8 years ago

Volume 19 Issue 2 - October 2013

  • Text
  • October
  • Toronto
  • Choir
  • Concerts
  • Jazz
  • November
  • Arts
  • Orchestra
  • Musical
  • Symphony


ERIC PARKERBeat by Beat | Early MusicHave Harpsichord...Will TravelDAVID PODGORSKIIshould probably just come out and say, before I describethe concerts I’m looking forward to hearing this month,that I’m starting to have high hopes for the future of culturein Toronto; and the classical musicians I meet are givingme good reason to be an optimist. There are a few artistsperforming in Toronto this month who are giving this citya flavour that’s a little more cosmopolitan and a little lessconventional. We’re now an important enough destination thatat least a few lesser-known artists are performing in the cityhoping to make it big-time, while the musicians that currentlycall Toronto home are continually coming up with new ideasthat are every bit as innovative — if not more so — than concertsI’ve heard on the best European and American stages.One artist that Toronto audiences will be happy towelcome back is Hank Knox, one of the leading lights ofMontreal’s music scene and one of the founding members ofMontreal’s Arion Baroque Orchestra. Knox has only occasionallyperformed in Toronto, in joint concerts with Arion andTafelmusik. Never content to be heard behind the orchestra,Knox has struck out on a cross-Canada tour that includes dates inThunder Bay, Ontario, and Flin Flon, The Pas and Balmoral, Manitoba,as well as a stop in Toronto. The whole trip will amount to some 3,600kilometres by car, which is impressive enough as a road trip withouteven factoring in the concerts after each drive. This sounds like a trulypunishing concert schedule, as Knox is making the trip halfway acrossCanada alone.Apparently he doesn’t mind. “It’s good, every so often, to blast yourmind out of the usual rut it’s been in,” Knox answers when I ask himhow he copes with the hours of driving. “I actually enjoy the solitudeof long drives, and it’s very peaceful to just sit back and focus on theroad for hours without any distractions.”Knox will be at the Canadian Opera Company for a free noonhourconcert on October 3, and will be playing a mixed programfor, as he puts it, “people who don’t know anything about the harpsichord,”which one can safely claim is well above 90 percent of theCanadian population. Knox’s program includes the trance-like TheBells by William Byrd, Frescobaldi’s gloriously perverse Fantasy onthe Cuckoo, transcriptions of Handel arias from Rinaldo, La Pouleby Jean-Philippe Rameau, and Bach’s Chromatic Fantasy and Fugue.What makes this appealing to a curious-but-ignorant-of-harpsichordsconcert-goer who doesn’t know what to expect? “Let’s put it this way,”Knox says, “if you don’t like what you hear, wait five minutes andsomething completely different will come along for you to listen to.”Sounds like a concert with something for everyone, and maybe even apossible ride to Montreal in it for you if you offer to pay for gas.One Toronto-based artist who’s ventured off the beaten path topursue her musical passions is Katherine Hill, who moved to theNetherlands and eventually Sweden to study medieval music. Hillis mainly known as a singer and viola da gambist, and is the proudholder of a master’s degree in medieval studies from the Universityof Toronto. Together with Ben Grossman and Alison Melville, Hill isalso a member of Ensemble Polaris, a group which specializes in thefolk music of circumpolar countries —Arctic fusion they call it. Hill’s deepand abiding love for the traditionalKatherineHill with thenyckelharpa.folk music of Sweden led her to spenda year studying Swedish folk music atthe Eric Sahlstrom Academy in Tobo,Sweden, and she came backwith a unique knowledge ofa relic from the the medievalera — a keyed fiddle knownas the nyckelharpa.“The nyckelharpa wasactually fairly commonHank Knox.throughout Europe in theMiddle Ages,” Hill says, “butit’s only been preserved in Sweden. It’s becoming more popular inGermany and France and there are makers producing instrumentsnow, but because no instruments have survived from the 14th centuryand the instrument kept changing, there’s no real way to tell what theoriginal instrument looked and sounded like.”Hill will be playing the nyckelharpa together with the TorontoConsort in a program of music from Sweden from the 16th tothe 19th centuries, but that doesn’t mean it will be all Swedishcomposers — 17th-century Sweden was still a very multiculturalcountry. “There was a huge international influence in Sweden in the16th and 17th centuries,” Hill explains. “The Swedish court heard andloved music from England, France, Italy and Poland, too, and wantedto import the best musicians from all over Europe.” So a cosmopolitanA Frosty Christmas EveIn Terra Pax – Gerald FinziThe Mystery of Bethlehem – Healey WillanLegend of the Bird – Stephanie MartinShannon Mercer, soprano & Trevor Bowes, baritoneNovember 30, 7:30pmDecember 1, 3:00pmGrace Church on-the-Hill, TorontoPaxChristiChorale.org416-491-854224 | October 1 – November 7, 2013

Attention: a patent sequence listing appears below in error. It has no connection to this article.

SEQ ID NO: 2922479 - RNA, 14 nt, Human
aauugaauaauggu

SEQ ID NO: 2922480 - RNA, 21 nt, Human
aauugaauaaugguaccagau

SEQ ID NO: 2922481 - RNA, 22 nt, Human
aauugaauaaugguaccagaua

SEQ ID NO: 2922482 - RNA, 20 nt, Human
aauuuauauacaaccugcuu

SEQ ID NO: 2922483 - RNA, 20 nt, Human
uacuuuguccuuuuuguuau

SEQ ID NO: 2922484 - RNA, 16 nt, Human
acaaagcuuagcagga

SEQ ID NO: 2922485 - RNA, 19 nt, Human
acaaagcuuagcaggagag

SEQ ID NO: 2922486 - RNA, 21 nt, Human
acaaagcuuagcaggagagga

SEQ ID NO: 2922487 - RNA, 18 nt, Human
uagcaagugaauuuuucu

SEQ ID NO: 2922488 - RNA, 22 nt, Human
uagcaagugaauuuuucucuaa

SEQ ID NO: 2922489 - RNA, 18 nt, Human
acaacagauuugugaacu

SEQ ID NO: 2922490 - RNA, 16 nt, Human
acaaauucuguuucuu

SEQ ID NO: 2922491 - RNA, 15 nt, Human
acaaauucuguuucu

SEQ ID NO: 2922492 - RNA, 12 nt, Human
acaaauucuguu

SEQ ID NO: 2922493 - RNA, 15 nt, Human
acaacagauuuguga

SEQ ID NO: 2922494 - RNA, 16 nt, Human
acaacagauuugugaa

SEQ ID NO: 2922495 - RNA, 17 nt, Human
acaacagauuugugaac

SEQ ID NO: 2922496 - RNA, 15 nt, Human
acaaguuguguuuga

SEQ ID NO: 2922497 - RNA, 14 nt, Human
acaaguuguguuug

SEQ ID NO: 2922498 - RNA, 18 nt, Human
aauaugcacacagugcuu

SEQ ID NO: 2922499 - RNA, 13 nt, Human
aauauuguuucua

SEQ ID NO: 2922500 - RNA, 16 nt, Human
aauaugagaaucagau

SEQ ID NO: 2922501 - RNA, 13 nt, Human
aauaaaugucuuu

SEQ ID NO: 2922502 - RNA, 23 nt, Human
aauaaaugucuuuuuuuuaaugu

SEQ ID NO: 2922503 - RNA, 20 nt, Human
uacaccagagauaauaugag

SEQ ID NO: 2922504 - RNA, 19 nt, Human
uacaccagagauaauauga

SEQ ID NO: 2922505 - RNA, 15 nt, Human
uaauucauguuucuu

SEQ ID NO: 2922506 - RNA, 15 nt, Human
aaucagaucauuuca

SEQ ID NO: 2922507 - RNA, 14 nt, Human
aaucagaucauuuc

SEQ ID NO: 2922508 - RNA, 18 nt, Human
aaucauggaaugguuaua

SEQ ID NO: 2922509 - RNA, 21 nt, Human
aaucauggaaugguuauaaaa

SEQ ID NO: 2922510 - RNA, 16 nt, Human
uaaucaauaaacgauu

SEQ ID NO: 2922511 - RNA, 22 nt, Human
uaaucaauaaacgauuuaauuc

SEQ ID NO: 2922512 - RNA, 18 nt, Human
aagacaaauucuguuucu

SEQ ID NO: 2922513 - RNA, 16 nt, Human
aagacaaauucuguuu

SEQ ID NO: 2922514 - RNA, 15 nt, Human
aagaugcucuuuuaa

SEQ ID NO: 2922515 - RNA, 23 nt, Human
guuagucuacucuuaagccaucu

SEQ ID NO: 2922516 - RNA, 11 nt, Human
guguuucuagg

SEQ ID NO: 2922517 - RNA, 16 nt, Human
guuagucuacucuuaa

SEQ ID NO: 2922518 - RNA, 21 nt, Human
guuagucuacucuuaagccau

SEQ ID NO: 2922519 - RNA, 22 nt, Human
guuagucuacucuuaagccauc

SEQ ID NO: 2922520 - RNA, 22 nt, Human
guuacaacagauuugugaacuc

PIERRE CHARBONNEAUSwede could possibly have heard, besides music from his own country,the music of the English composer Tobias Hume (a soldier in theSwedish army), tunes from John Playford’s The Dancing Master (ahit in 17th-century Sweden), compositions by Heinrich Isaac, andtraditional Lutheran chorales — and that’s exactly what the TorontoConsort will be playing at Trinity-St. Paul’s on October 18 and 19.Incidentally, Hill will also be playing along in Toronto MasqueTheatre’s production “Brief Lives: Songs and Stories of Old London,”based on the collected biographies by John Aubrey. Aubrey’s BriefLives is a who’s who of famous Londoners from the 17th century, andincludes William Shakespeare, Thomas Hobbes, John Dee, Ben Jonsonand Sir Walter Raleigh as its subjects. Even more interesting than thehistory lesson is the gossip:Aubrey dished the kind of dirton his subjects that would geta modern biographer sued forlibel if he published that kindof information today. TorontoMasque Theatre’s productionfeatures William Webster ofSoulpepper and includesballads and popular musicfrom Aubrey’s London ofIl Giardino d’Amore.the 17th century. The showwill be at the Young Centrefor the Performing Arts from October 25 to 27.If you’re looking for more conventional concert-going fare (oryou’re just an opera fan or Italophile) be sure to welcome a groupof young players who are making their Toronto debut for MooredaleConcerts on Sunday October 20. Il Giardino d’Amore will beperforming a concert of Italian baroque music in Walter Hall at 3:15pm. The founders, Polish violinist Stefan Plewniak and Italian harpsichordistMarco Vitale, met when they joined Le Concert des Nations,the orchestra led by gambist and early-music superstar Jordi Savall,and decided to form their own band — since only the best playersin Europe get to play with Savall it’s a safe bet these are some topnotchplayers. Their concert features Italian cantatas sung by thePolish soprano Natalia Kawalek, and compositions by Scarlatti, Corelli,Locatelli, Geminiani and Vivaldi. Il Giardino d’Amore will also beperforming an interactive concert aimed at children ages 6 to 15 at 1:15at Walter Hall. It’s a pared-down version of the same concert meant tolast only an hour; tickets for the early performance are only .I’m glad to see that Toronto is becoming a destination for foreignartists like Il Giardino d’Amore, and I’m always grateful for a chanceto hear something new from familiar artists on the Toronto musicscene. Be sure to check The WholeNote blog to see what I have to sayabout the early music concerts I actually manage to get out to in theweeks ahead.David Podgorski is a Toronto-based harpsichordist, musicteacher and a founding member of Rezonance.He can be contacted at by Beat | In With the NewUrbanAbstractionsWENDALYN BARTLEYBack in my June column, I was suggesting that with theupcoming warm weather of summer and the ending of theconcert season, this more casual atmosphere was the perfectscenario for concerts that offered a blurring of boundary linesbetween musical genres and art forms. Now just two months into thefall season, I’m already seeing that something else of an overall directionis unfolding in the world of “the new,” and it’s not because ofwarm weather. In September, the Guelph Jazz Festival went beyondthe jazz borders to include improvisation from a variety of musicaltraditions, including composed/notated music. Now, in October, thereis an entire festival produced by Toronto’s Music Gallery that is allabout this blurring of genres. The theme of this year’s X Avant NewMusic Festival — This Is Our Music — is a reference to Ornette Coleman’s1960 album of the same name. Running from October 11 to 20, thefestival celebrates all streams of experimentation, and the innovationsthat Coleman introduced certainly would fit right in. Organizers haveidentified their mix of experimental genres and traditions as “urbanabstract music.” And adding to this boiling hothouse of innovation,they are presenting two works that in the past had been the cause ofboth a riot and a mini-scandal.Let’s begin with Igor Stravinsky’s The Rite of Spring, a ballet scorethat premiered on May 29, 1913, in Paris. These days it’s becomea well-loved work, but 100 years ago, its asymmetric rhythms andclashing dissonances caused such an uproar that the police werecalled in to calm the audience. But the rioting continued and got sointense that Stravinsky himself left before the performance was over.Wow ... passionate audiences who know what they do and don’t like! Acentury later in the city of Toronto, this work has already received oneperformance I can remember (by Esprit Orchestra in January) and willbe featured in the Mariinsky Orchestra’s Roy Thomson Hall all-Stravinskyprogram on October 6.But things will definitely take a different turn on October 11 at the XAvant Festival when the Montreal-based group Quartetski reinterpretsthis classic using unusual orchestration and free improvisation tobring out what they feel is implicit in the original. And that’s just whatthis exceptional group is dedicated to: a revisionist approach to classicworks of the “great” composers achieved by mixing various traditionsand techniques to discover new possibilities, ultimately creatinga new type of chamber music. I suspect there won’t be a riot this timearound, but rather enthusiastic ears welcoming the daring move into“Hank Knox reveals virtuosity, imaginationand a keen sense of rhythm.” — Musica Sett, Italy(Frescobaldi – EMCCD7767)Hank Knox, presents aNEW RELEASE of Hank Knoxperforming the music of J. S. Bachfeatured works includeThe Chromatic Fantasy & Fugueand Overture in the French StyleThurs. October 3, 201312 — 1 pmHank Knox, harpsichordCanadian Opera CompanyFree lunchtime series145 Queen. St. W.TorontoTel: +1 514 276 2694◆ October 1 – November 7, 2013 | 25